New research we undertook with our partners the FT reveals that over half of business leaders rate their knowledge of brand-building as average to very poor.
At an event at the Cannes Lions Festival of Creativity today, we revealed the results of a survey of the FT’s readership. Concerningly, it shows a lack of confidence around brand-building in the boardroom at many organisations.
Half the business leaders we questioned thought their knowledge of brand-building was average at best, and very poor at worst. Many of these people are responsible for balancing marketing budgets between long-term and short-term investments, so this could be bad news for brand-building.
As Peter Field and Les Binet have uncovered in their research, the industry as a whole has seen a gradual shift from long-term brand-building to shorter-term direct response campaigns. ‘The Brand-Board Rift’, is based upon a global survey of FT readers, 43% of whom are c-level executives. Through it, we examine some of the underlying causes of this trend by looking at the capabilities and attitudes of senior managers and leaders.
“The data uncovered a worrying lack of confidence in brand management, within and beyond the marketing department.”
“Our aim with this research was to get inside businesses and understand the driving forces behind recent changes in marketing investment. The available evidence tells us that the brand model still works. We wanted to establish what needs to be done to bring brands back to the boardroom,” said David Buttle, Global Marketing Director, Commercial for the Financial Times. “The data uncovered a worrying lack of confidence in brand management, both within and beyond the marketing department.”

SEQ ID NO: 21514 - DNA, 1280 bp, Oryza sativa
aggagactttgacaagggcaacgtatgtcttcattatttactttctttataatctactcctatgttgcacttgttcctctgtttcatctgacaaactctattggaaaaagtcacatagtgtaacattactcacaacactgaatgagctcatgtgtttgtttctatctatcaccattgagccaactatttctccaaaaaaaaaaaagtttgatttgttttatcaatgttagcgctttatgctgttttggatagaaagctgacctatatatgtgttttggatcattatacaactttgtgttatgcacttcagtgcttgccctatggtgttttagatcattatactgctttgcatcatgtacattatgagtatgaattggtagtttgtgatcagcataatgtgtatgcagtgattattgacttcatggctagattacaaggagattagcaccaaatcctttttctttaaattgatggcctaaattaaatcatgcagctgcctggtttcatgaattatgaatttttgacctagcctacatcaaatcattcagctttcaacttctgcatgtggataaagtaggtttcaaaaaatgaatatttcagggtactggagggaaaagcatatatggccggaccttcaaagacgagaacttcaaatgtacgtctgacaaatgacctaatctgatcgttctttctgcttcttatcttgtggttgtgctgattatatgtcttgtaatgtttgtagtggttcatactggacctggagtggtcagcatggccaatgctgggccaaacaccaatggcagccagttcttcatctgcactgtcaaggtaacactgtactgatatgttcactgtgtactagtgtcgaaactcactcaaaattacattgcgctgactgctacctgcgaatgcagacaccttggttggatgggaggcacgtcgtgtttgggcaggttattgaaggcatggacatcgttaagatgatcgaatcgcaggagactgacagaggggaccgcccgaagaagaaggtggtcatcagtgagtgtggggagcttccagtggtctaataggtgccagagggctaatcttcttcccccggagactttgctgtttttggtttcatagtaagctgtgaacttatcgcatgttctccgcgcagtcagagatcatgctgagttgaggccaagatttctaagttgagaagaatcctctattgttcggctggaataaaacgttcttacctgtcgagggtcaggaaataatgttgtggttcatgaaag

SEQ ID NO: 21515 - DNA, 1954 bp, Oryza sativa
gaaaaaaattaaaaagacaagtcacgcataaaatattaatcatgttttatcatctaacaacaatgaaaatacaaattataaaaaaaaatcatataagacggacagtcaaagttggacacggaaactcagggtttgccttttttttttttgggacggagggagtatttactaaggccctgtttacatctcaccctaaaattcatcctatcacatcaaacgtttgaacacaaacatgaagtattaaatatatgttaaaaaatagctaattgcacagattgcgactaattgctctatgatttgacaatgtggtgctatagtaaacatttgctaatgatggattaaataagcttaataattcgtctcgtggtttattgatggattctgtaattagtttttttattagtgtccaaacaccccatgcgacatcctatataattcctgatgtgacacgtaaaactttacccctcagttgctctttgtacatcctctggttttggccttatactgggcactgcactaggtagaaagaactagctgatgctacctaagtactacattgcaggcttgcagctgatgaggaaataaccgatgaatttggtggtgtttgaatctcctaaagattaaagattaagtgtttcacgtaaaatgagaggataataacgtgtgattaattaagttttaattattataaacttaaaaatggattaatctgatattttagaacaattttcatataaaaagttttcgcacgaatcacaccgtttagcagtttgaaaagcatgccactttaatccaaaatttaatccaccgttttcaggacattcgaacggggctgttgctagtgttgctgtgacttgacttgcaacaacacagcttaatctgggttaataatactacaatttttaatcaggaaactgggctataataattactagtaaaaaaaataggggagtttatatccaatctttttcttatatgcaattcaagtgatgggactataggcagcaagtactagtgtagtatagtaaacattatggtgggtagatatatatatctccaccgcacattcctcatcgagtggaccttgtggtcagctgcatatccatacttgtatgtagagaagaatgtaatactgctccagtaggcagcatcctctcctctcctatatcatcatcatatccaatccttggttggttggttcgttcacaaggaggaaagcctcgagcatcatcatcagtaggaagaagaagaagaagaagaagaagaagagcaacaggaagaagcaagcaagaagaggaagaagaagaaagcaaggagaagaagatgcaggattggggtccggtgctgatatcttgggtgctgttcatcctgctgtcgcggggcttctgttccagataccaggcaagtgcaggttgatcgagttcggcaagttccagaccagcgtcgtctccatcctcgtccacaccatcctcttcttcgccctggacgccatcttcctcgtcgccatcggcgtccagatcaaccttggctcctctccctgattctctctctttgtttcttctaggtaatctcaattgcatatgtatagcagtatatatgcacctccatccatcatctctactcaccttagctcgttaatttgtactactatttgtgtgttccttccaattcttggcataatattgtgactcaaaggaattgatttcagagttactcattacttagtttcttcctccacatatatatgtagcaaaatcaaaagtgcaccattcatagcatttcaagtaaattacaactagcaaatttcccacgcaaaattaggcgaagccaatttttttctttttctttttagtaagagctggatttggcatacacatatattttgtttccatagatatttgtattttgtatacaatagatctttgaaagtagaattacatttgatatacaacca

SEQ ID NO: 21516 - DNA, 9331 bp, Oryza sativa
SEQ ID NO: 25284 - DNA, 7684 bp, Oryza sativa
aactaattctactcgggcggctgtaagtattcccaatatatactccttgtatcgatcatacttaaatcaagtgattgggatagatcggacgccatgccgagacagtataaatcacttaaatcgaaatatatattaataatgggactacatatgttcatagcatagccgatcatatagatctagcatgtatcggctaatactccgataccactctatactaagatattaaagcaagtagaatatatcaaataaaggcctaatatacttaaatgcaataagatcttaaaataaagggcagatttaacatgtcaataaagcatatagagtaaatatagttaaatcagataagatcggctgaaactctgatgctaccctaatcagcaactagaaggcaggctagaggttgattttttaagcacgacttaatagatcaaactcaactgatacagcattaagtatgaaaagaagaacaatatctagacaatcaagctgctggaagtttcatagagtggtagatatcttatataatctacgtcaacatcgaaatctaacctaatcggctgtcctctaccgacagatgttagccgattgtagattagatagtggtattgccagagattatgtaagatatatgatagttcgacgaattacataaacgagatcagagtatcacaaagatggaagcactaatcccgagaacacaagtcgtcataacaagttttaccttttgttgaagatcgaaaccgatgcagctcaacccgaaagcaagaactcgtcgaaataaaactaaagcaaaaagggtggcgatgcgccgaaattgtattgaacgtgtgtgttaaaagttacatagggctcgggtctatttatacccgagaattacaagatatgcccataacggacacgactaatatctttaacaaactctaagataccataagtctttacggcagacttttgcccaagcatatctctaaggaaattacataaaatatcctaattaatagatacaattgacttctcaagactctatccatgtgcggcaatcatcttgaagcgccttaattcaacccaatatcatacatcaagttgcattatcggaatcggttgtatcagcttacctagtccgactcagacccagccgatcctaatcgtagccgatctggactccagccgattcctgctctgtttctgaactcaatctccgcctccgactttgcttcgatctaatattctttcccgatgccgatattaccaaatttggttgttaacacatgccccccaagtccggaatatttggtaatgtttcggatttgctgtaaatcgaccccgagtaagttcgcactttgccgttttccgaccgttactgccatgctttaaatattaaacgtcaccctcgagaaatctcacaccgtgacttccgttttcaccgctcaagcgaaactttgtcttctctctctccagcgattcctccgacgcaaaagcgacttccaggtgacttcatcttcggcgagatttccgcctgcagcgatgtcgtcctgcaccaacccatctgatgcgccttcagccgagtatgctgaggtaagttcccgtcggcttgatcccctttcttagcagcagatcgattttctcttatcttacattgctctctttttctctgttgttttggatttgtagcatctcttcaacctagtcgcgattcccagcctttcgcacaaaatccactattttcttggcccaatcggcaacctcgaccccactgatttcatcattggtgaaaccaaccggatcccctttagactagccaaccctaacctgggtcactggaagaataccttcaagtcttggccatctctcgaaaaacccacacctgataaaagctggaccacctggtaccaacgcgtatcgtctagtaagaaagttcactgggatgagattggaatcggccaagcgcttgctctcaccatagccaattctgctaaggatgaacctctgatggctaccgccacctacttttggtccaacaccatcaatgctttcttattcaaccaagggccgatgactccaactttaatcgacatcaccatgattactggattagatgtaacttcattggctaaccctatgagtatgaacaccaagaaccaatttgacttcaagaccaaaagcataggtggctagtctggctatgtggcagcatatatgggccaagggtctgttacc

Here is a summary of some of the headline findings from the survey:
- half of business leaders rate their knowledge of brand-building as average to very poor
- less than a third of companies use brand health metrics, reporting on metrics such as salience, distinctiveness and favourability, at boardroom level
- many expressed a lack of access to good measurement of the commercial impact of brands
- over half of business leaders ranked social media top for brand-building when evidence actually places it at the bottom of the list of media
- leaders at businesses that use brand health metrics express a greater belief in the power of creativity
Organisational culture-change is a crucial part of improving perceptions and understanding of the value of long-term marketing. “The report makes clear recommendations,” says David Buttle. “It provides guidance on how to create an organisational environment in which the very real commercial benefits of investing in the long-term health of brands can be realised.”
The evidence of the value of long-term marketing is there. The challenge is to elevate that evidence to the boardroom, to keep investment in long-term campaigns at levels that maintain effectiveness, stemming the tide towards short-term efficiencies. Janet Hull of the IPA is hopeful that this can happen, “We welcome access to senior executives to share this evidence base, and our learnings about how to build, rather than diminish, brand power. The EffWorks programme is built for this purpose and, with the support of marketers and partners like the FT, we have high hopes of constructive dialogue and positive action.”